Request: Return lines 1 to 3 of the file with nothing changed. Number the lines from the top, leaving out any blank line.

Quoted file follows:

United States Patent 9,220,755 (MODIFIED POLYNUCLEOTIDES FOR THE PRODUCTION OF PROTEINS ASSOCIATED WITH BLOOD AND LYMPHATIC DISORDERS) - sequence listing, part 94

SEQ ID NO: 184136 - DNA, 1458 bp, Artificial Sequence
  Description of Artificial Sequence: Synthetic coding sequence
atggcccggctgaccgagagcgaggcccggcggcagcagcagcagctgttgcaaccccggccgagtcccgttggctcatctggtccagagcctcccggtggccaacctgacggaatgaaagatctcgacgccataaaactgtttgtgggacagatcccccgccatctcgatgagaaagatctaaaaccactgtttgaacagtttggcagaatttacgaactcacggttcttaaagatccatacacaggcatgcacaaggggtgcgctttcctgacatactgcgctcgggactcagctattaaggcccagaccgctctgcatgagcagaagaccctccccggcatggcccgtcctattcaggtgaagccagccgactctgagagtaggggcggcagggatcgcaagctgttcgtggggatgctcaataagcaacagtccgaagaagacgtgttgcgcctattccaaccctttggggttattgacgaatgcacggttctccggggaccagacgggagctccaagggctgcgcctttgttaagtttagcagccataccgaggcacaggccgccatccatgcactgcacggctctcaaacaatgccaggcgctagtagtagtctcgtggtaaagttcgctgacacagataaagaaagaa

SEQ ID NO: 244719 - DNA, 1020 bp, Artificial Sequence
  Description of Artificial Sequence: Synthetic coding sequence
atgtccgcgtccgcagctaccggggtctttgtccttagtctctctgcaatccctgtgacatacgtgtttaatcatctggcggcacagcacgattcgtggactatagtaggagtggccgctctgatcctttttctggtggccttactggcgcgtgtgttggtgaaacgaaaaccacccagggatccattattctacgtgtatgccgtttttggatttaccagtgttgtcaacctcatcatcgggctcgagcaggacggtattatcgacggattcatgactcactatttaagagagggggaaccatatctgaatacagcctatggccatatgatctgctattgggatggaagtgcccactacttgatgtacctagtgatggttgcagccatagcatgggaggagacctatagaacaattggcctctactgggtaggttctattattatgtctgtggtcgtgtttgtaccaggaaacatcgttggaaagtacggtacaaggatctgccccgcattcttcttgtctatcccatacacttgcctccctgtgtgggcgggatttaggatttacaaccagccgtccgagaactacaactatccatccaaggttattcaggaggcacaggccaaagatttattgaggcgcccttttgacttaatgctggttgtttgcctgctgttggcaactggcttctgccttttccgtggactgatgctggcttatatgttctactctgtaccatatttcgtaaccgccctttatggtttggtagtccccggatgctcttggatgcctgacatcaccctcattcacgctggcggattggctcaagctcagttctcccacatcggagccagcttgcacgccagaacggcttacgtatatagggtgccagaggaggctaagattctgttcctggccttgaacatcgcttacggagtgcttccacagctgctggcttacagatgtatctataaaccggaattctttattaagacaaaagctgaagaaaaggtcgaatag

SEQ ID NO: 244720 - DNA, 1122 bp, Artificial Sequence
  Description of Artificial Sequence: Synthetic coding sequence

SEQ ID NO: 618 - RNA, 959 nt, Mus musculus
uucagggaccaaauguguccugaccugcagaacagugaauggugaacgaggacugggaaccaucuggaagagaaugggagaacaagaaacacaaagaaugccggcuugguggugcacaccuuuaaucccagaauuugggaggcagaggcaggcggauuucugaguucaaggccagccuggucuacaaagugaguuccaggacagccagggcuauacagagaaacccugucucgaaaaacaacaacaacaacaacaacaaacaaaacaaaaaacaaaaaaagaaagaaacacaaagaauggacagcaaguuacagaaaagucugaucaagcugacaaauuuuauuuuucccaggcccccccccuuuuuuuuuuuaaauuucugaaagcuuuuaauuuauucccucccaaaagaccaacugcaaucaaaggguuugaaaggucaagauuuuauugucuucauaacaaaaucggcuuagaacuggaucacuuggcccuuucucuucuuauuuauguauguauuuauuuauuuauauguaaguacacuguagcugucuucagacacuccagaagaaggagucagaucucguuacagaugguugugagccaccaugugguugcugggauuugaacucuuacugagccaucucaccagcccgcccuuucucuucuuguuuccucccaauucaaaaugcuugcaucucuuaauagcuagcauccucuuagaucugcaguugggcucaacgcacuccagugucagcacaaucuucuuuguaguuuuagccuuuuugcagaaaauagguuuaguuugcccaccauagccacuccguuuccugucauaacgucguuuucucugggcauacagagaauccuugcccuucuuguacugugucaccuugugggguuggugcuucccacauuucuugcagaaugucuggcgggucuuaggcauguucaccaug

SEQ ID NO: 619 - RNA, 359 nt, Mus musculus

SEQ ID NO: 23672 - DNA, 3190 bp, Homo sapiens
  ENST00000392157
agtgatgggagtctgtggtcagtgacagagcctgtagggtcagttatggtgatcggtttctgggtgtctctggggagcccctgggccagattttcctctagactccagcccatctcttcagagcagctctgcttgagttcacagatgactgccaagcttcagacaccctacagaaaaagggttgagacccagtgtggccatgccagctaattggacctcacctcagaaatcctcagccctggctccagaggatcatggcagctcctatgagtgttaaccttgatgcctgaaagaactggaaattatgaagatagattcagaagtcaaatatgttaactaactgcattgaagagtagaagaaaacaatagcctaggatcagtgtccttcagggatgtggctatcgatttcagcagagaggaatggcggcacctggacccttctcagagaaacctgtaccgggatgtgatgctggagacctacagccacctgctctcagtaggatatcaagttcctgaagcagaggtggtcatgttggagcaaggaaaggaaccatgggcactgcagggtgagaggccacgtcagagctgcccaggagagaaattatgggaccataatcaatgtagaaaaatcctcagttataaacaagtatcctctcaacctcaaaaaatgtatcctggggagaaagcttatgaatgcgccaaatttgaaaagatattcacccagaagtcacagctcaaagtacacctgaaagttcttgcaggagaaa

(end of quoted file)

United States Patent 9,220,755 (MODIFIED POLYNUCLEOTIDES FOR THE PRODUCTION OF PROTEINS ASSOCIATED WITH BLOOD AND LYMPHATIC DISORDERS) - sequence listing, part 94

SEQ ID NO: 184136 - DNA, 1458 bp, Artificial Sequence
  Description of Artificial Sequence: Synthetic coding sequence